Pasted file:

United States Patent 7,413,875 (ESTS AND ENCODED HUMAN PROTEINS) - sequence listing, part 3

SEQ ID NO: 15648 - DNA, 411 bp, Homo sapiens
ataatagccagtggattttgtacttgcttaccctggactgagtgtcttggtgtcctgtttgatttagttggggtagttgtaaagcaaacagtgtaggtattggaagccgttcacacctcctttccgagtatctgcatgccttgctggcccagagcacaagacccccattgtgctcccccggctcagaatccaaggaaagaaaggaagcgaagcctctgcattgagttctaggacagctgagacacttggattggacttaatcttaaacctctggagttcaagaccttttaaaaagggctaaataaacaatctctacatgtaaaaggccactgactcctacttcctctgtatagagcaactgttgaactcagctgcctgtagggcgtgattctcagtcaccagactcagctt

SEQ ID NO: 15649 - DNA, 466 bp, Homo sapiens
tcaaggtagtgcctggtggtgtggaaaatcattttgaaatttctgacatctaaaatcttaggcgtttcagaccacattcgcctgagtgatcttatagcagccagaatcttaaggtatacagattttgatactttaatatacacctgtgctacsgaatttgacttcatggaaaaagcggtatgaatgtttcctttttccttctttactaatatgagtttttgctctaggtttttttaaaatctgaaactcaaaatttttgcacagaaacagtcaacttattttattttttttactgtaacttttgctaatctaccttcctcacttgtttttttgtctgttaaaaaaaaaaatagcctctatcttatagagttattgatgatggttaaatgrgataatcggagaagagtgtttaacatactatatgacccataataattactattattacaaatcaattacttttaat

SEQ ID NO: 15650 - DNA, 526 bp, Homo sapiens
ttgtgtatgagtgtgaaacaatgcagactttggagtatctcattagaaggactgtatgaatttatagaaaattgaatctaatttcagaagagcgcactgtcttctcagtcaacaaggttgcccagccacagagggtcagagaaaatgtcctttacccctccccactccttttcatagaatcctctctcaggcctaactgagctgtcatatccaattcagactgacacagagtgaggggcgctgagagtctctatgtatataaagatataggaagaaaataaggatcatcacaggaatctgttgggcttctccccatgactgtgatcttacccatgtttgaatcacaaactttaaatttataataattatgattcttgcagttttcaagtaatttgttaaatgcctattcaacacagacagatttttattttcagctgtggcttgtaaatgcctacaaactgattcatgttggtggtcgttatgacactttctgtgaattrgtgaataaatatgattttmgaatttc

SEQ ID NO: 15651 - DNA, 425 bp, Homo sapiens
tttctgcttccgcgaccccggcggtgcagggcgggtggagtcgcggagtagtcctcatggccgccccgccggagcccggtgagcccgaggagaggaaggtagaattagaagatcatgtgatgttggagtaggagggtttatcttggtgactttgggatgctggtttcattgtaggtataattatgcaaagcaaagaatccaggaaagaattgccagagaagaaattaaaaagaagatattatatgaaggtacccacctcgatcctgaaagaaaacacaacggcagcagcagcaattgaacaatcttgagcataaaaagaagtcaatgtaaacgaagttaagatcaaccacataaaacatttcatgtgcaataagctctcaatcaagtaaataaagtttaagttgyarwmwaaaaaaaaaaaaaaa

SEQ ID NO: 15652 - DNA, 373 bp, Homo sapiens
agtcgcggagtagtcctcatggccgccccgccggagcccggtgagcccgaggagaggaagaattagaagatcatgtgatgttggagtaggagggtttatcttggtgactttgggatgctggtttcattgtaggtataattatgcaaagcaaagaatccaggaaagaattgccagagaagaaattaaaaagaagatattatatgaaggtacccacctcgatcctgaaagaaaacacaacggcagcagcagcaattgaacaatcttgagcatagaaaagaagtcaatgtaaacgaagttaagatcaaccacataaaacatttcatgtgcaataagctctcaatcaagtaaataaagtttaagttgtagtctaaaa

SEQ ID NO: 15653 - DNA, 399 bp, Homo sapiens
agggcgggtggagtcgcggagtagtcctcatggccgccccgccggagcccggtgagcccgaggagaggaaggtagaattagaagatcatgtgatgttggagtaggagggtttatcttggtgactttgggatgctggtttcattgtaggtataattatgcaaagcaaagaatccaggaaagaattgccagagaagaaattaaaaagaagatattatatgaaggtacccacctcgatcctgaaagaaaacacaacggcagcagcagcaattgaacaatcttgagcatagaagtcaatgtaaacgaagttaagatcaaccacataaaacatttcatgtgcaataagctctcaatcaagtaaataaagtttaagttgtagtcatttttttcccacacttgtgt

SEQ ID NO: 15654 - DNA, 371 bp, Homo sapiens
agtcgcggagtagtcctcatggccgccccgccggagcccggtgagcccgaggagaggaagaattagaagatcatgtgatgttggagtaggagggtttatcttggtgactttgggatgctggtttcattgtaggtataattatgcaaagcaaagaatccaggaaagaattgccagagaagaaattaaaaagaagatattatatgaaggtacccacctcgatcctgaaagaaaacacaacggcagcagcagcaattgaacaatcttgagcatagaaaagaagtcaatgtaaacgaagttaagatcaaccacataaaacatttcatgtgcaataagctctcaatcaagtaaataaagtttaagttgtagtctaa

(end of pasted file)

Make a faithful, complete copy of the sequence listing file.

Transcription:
United States Patent 7,413,875 (ESTS AND ENCODED HUMAN PROTEINS) - sequence listing, part 3

SEQ ID NO: 15648 - DNA, 411 bp, Homo sapiens
ataatagccagtggattttgtacttgcttaccctggactgagtgtcttggtgtcctgtttgatttagttggggtagttgtaaagcaaacagtgtaggtattggaagccgttcacacctcctttccgagtatctgcatgccttgctggcccagagcacaagacccccattgtgctcccccggctcagaatccaaggaaagaaaggaagcgaagcctctgcattgagttctaggacagctgagacacttggattggacttaatcttaaacctctggagttcaagaccttttaaaaagggctaaataaacaatctctacatgtaaaaggccactgactcctacttcctctgtatagagcaactgttgaactcagctgcctgtagggcgtgattctcagtcaccagactcagctt

SEQ ID NO: 15649 - DNA, 466 bp, Homo sapiens
tcaaggtagtgcctggtggtgtggaaaatcattttgaaatttctgacatctaaaatcttaggcgtttcagaccacattcgcctgagtgatcttatagcagccagaatcttaaggtatacagattttgatactttaatatacacctgtgctacsgaatttgacttcatggaaaaagcggtatgaatgtttcctttttccttctttactaatatgagtttttgctctaggtttttttaaaatctgaaactcaaaatttttgcacagaaacagtcaacttattttattttttttactgtaacttttgctaatctaccttcctcacttgtttttttgtctgttaaaaaaaaaaatagcctctatcttatagagttattgatgatggttaaatgrgataatcggagaagagtgtttaacatactatatgacccataataattactattattacaaatcaattacttttaat

SEQ ID NO: 15650 - DNA, 526 bp, Homo sapiens
ttgtgtatgagtgtgaaacaatgcagactttggagtatctcattagaaggactgtatgaatttatagaaaattgaatctaatttcagaagagcgcactgtcttctcagtcaacaaggttgcccagccacagagggtcagagaaaatgtcctttacccctccccactccttttcatagaatcctctctcaggcctaactgagctgtcatatccaattcagactgacacagagtgaggggcgctgagagtctctatgtatataaagatataggaagaaaataaggatcatcacaggaatctgttgggcttctccccatgactgtgatcttacccatgtttgaatcacaaactttaaatttataataattatgattcttgcagttttcaagtaatttgttaaatgcctattcaacacagacagatttttattttcagctgtggcttgtaaatgcctacaaactgattcatgttggtggtcgttatgacactttctgtgaattrgtgaataaatatgattttmgaatttc

SEQ ID NO: 15651 - DNA, 425 bp, Homo sapiens
tttctgcttccgcgaccccggcggtgcagggcgggtggagtcgcggagtagtcctcatggccgccccgccggagcccggtgagcccgaggagaggaaggtagaattagaagatcatgtgatgttggagtaggagggtttatcttggtgactttgggatgctggtttcattgtaggtataattatgcaaagcaaagaatccaggaaagaattgccagagaagaaattaaaaagaagatattatatgaaggtacccacctcgatcctgaaagaaaacacaacggcagcagcagcaattgaacaatcttgagcataaaaagaagtcaatgtaaacgaagttaagatcaaccacataaaacatttcatgtgcaataagctctcaatcaagtaaataaagtttaagttgyarwmwaaaaaaaaaaaaaaa

SEQ ID NO: 15652 - DNA, 373 bp, Homo sapiens
agtcgcggagtagtcctcatggccgccccgccggagcccggtgagcccgaggagaggaagaattagaagatcatgtgatgttggagtaggagggtttatcttggtgactttgggatgctggtttcattgtaggtataattatgcaaagcaaagaatccaggaaagaattgccagagaagaaattaaaaagaagatattatatgaaggtacccacctcgatcctgaaagaaaacacaacggcagcagcagcaattgaacaatcttgagcatagaaaagaagtcaatgtaaacgaagttaagatcaaccacataaaacatttcatgtgcaataagctctcaatcaagtaaataaagtttaagttgtagtctaaaa

SEQ ID NO: 15653 - DNA, 399 bp, Homo sapiens
agggcgggtggagtcgcggagtagtcctcatggccgccccgccggagcccggtgagcccgaggagaggaaggtagaattagaagatcatgtgatgttggagtaggagggtttatcttggtgactttgggatgctggtttcattgtaggtataattatgcaaagcaaagaatccaggaaagaattgccagagaagaaattaaaaagaagatattatatgaaggtacccacctcgatcctgaaagaaaacacaacggcagcagcagcaattgaacaatcttgagcatagaagtcaatgtaaacgaagttaagatcaaccacataaaacatttcatgtgcaataagctctcaatcaagtaaataaagtttaagttgtagtcatttttttcccacacttgtgt

SEQ ID NO: 15654 - DNA, 371 bp, Homo sapiens
agtcgcggagtagtcctcatggccgccccgccggagcccggtgagcccgaggagaggaagaattagaagatcatgtgatgttggagtaggagggtttatcttggtgactttgggatgctggtttcattgtaggtataattatgcaaagcaaagaatccaggaaagaattgccagagaagaaattaaaaagaagatattatatgaaggtacccacctcgatcctgaaagaaaacacaacggcagcagcagcaattgaacaatcttgagcatagaaaagaagtcaatgtaaacgaagttaagatcaaccacataaaacatttcatgtgcaataagctctcaatcaagtaaataaagtttaagttgtagtctaa